(Doug Fir, 830 E Burnside) Portland's own Onuinu—AKA Dorian Duvall—is getting a lot of attention lately, and for good reason. At once catchy and hypnotic, his dense, synth-y electro-pop is unlike anything else out there. And better than just about anything else out there, too. ERIK HENRIKSEN
THE COUP, SPEAKER MINDS
(Bob White Theatre, 6423 SE Foster) The new Coup album, Sorry to Bother You, uses new sounds to get their message across: a plucky, fuzzy, Afropunk-funk approach that was foreshadowed on 2006's Pick a Bigger Weapon. Sorry to Bother You mixes on-point geo-local-sociopolitical raps from Boots Riley with wailing, jumpy, Fishboney, Madness-esque funk-rock and West Coast new wave—a tall order, but they pull it off, with help from no less than Killer Mike, Das Racist, Vernon Reid, and Japanther. LARRY MIZELL JR
CALEB KLAUDER COUNTRY BAND
(The Secret Society, 116 NE Russell) Hear some classic country tunes in one of the city's classic ballrooms: a Caleb Klauder Country Band show is one of those magical experiences that can't be replicated or easily defined. There'll be plenty of whiskey, a packed dance floor, and twangy tunes from perhaps Portland's greatest live band. NED LANNAMANN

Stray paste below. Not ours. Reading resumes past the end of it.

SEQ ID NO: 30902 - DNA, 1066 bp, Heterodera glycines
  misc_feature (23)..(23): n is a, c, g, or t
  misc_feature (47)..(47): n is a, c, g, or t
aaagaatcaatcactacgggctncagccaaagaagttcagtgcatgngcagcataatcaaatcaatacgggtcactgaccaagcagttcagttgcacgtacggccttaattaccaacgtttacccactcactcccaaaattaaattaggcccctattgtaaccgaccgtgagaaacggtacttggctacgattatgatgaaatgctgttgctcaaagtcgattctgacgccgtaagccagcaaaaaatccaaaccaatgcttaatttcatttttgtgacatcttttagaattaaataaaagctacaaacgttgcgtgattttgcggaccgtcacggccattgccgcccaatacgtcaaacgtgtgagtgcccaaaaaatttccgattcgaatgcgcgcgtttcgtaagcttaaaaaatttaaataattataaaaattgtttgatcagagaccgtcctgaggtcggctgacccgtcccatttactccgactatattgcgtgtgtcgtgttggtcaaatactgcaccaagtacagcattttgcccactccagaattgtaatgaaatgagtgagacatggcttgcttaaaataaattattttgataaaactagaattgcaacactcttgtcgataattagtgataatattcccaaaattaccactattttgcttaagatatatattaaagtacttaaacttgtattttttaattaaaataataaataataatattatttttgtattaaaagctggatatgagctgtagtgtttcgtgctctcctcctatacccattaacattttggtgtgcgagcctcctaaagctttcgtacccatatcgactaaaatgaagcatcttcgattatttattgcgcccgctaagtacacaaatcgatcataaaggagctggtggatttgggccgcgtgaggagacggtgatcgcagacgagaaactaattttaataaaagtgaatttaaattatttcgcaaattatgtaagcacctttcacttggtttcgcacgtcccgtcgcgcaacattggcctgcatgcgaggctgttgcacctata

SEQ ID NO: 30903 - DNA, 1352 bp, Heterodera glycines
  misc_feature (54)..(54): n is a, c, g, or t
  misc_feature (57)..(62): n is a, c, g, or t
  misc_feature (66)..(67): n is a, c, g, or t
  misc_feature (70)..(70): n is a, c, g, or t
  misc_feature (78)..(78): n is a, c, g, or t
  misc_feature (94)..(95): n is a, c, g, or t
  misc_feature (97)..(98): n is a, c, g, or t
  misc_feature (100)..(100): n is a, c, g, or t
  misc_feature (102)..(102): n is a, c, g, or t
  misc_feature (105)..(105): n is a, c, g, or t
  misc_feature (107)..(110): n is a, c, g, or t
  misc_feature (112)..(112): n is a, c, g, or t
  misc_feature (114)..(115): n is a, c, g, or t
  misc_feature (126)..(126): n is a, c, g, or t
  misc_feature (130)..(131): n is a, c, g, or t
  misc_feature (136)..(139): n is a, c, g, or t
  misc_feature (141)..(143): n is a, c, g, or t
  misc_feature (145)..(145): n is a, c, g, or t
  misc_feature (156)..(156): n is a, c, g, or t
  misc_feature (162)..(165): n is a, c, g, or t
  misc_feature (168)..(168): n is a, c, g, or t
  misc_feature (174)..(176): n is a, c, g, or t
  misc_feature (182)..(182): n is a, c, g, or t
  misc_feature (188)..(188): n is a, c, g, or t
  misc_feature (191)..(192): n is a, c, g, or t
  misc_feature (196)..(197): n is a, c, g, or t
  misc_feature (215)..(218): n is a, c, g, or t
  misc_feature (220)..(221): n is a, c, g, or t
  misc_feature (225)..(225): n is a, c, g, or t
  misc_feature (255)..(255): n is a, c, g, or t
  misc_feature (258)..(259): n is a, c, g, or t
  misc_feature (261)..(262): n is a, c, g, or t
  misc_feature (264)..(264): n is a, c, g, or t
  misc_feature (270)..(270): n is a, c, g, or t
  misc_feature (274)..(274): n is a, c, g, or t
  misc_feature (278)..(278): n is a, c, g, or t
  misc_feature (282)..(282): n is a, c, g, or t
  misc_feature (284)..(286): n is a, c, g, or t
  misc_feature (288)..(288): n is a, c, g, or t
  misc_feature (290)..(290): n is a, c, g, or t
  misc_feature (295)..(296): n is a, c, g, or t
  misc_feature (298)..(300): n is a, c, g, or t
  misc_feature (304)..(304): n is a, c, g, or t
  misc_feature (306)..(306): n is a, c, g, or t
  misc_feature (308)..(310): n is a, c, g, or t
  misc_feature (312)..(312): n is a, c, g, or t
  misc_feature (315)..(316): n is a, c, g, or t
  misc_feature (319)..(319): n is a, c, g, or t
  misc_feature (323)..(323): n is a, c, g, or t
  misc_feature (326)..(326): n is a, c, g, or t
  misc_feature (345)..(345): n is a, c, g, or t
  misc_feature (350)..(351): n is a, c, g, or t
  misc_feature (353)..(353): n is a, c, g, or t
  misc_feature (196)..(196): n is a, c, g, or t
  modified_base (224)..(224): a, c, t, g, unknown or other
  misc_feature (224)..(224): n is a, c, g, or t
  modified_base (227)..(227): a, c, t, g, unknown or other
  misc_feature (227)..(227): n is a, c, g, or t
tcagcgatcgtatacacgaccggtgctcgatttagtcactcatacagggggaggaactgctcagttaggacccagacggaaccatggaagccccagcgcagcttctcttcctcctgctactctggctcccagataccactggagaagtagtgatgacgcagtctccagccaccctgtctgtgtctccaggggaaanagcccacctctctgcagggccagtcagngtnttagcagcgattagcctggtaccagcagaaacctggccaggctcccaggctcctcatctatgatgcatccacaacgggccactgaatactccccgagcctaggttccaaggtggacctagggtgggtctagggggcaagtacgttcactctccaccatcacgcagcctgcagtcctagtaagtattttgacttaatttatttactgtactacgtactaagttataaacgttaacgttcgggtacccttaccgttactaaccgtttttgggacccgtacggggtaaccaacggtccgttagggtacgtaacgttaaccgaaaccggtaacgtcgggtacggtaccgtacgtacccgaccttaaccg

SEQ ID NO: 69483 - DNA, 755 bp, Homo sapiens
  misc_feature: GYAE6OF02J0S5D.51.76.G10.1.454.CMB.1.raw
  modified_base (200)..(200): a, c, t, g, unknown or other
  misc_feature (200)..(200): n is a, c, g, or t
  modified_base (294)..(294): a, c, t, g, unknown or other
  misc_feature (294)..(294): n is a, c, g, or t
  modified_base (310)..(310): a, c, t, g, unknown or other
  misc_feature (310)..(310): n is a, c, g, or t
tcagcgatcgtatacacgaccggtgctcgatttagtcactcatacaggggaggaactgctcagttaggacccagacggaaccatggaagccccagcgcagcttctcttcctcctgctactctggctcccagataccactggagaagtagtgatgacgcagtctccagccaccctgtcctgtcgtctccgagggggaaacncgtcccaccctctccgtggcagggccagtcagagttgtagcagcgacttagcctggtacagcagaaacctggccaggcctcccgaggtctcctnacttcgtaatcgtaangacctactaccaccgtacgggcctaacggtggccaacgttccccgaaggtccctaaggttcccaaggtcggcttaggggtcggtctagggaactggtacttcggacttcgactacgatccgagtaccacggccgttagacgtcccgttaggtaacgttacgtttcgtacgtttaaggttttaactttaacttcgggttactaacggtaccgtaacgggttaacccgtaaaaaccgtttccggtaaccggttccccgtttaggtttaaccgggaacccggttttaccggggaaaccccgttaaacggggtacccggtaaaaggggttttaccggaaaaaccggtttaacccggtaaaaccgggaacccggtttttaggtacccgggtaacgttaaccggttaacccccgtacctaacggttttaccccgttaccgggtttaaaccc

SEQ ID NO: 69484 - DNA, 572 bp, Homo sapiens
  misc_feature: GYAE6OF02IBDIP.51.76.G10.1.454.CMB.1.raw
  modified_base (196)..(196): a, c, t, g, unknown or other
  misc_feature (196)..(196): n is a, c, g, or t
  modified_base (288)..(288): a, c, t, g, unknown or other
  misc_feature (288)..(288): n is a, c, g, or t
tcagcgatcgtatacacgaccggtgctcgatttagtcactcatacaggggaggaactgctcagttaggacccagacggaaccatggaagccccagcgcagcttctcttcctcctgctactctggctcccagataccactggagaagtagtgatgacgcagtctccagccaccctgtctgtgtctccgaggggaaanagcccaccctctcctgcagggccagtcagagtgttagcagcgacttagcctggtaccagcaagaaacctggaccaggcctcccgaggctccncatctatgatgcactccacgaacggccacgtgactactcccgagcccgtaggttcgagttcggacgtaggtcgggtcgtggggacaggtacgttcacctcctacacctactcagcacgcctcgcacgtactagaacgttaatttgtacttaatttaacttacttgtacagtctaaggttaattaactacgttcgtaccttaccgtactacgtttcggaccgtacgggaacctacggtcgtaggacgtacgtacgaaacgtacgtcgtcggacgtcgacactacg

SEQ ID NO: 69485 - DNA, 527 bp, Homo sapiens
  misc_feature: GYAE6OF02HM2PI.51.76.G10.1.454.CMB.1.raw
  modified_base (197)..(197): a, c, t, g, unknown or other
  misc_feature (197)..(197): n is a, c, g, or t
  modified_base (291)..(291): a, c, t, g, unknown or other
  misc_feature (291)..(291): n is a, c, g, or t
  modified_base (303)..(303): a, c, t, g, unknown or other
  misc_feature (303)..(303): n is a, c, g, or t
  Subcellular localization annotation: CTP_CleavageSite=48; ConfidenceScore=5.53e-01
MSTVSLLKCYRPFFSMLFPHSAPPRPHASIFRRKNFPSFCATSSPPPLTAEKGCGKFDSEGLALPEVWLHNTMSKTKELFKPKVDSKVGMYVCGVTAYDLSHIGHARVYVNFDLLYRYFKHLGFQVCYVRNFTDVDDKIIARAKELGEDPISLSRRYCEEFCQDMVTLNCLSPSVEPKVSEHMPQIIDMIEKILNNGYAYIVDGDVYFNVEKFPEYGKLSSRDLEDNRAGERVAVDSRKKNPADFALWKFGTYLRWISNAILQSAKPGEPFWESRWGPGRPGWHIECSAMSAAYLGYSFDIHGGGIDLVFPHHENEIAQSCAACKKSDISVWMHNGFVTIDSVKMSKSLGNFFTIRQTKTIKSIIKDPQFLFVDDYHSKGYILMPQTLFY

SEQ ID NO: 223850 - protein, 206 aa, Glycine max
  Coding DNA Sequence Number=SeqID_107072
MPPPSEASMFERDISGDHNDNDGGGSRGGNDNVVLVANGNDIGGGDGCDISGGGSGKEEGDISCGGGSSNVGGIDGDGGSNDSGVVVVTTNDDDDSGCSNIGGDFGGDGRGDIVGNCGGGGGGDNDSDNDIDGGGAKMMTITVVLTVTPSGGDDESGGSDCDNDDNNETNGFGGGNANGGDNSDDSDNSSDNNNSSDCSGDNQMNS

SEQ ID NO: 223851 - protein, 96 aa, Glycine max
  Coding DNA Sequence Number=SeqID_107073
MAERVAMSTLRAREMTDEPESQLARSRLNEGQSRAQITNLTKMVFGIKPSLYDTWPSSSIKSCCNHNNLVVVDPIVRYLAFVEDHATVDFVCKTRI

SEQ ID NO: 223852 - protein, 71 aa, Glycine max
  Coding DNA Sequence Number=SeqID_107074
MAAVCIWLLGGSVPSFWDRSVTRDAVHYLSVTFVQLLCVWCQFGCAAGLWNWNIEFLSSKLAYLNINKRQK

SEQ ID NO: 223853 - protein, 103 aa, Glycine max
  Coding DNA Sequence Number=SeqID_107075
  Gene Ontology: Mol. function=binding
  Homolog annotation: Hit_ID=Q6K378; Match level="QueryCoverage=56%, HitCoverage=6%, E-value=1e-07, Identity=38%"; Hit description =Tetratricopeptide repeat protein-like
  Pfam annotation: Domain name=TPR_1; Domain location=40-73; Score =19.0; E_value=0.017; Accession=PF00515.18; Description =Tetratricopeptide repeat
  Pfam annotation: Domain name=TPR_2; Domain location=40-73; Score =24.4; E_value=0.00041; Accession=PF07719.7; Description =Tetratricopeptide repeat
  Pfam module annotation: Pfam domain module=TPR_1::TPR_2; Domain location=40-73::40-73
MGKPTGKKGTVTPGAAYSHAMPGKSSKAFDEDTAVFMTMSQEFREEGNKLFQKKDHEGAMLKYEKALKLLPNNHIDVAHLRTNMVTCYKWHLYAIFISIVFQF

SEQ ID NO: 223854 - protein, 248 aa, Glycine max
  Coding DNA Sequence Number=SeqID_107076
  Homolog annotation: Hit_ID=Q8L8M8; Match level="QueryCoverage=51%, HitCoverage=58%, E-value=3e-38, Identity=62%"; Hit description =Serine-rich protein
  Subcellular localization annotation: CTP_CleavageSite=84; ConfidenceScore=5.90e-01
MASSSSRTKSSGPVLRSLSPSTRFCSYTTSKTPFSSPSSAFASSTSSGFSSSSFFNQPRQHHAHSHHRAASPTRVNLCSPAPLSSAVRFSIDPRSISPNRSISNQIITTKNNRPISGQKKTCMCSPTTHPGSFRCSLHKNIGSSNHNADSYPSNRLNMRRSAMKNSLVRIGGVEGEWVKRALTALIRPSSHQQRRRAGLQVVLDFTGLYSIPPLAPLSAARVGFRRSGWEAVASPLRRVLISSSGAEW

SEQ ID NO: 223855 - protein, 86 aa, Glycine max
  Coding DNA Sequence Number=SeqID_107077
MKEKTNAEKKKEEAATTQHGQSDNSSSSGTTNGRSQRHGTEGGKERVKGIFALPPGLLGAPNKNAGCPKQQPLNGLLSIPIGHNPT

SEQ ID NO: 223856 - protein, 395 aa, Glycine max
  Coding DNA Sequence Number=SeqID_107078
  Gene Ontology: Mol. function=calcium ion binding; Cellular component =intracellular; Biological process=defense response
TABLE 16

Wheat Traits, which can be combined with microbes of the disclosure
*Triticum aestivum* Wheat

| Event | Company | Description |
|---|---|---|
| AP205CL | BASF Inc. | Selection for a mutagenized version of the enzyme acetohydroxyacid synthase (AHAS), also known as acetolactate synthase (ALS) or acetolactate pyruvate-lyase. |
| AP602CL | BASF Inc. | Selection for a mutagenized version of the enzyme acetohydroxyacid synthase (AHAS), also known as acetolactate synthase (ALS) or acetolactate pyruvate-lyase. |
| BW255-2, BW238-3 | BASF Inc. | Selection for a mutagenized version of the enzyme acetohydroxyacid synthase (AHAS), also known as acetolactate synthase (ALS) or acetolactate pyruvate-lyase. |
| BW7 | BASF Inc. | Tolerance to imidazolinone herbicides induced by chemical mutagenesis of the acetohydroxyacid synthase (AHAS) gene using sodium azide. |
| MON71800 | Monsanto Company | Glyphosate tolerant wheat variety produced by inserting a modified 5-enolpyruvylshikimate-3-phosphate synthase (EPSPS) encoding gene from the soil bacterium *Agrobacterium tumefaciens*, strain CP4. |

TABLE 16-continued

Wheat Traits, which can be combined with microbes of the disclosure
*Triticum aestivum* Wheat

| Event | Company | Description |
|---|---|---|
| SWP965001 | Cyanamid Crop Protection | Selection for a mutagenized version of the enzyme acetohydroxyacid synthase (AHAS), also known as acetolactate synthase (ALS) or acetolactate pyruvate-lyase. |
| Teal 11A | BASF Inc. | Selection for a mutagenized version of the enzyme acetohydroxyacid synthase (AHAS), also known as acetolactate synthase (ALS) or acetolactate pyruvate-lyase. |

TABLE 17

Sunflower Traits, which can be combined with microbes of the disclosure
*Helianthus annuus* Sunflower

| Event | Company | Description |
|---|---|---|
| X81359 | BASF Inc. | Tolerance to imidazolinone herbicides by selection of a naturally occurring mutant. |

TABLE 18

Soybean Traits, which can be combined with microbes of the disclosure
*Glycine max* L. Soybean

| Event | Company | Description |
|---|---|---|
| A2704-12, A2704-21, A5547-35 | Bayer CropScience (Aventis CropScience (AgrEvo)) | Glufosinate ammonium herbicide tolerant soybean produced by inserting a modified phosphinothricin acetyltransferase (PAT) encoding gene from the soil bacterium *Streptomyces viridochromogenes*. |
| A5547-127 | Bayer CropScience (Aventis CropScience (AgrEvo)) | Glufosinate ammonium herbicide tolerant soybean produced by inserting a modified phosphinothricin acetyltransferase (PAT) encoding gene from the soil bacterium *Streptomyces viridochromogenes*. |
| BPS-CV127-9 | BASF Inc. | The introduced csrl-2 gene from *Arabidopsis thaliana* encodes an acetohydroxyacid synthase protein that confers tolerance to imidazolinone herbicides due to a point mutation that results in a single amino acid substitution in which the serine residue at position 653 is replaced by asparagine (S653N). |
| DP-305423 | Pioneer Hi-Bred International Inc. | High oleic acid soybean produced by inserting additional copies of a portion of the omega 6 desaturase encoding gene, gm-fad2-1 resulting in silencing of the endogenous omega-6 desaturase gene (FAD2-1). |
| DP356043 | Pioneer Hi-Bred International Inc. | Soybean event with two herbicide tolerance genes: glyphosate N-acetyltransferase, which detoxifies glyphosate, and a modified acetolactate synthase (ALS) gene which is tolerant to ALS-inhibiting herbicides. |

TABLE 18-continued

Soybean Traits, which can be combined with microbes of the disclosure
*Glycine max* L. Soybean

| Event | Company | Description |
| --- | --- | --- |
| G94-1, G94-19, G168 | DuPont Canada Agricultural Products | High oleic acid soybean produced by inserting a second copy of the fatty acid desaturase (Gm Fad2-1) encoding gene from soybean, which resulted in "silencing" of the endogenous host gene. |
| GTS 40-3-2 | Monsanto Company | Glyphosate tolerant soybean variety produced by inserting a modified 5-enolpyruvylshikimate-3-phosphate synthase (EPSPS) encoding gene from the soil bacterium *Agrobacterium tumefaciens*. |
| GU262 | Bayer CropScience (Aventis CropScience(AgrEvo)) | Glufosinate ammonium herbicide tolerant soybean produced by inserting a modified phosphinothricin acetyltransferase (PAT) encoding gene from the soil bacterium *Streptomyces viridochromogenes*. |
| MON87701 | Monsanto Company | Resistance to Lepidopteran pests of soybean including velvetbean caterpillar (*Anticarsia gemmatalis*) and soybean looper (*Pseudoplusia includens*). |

BEAT CONNECTION, MAGIC FADES, ODESZA, SEX LIFE
(Holocene, 1001 SE Morrison) Beat Connection's electronic pop extends cleanly out of concentric, pastel arpeggiations. The danceable, fresh-faced disco beats float cleanly on shades of sky-blue synths and rhythm guitar. Lucidity in sequencing yields images of a jade-green lily pad with tropical nods to Friendly Fires, MGMT, and M83. This past summer, Beat Connection released their first full-length, The Palace Garden, and have steadily logged road miles in the United States and abroad opening for Holy Ghost!, STRFKR, and Toro y Moi. TRENT MOORMAN
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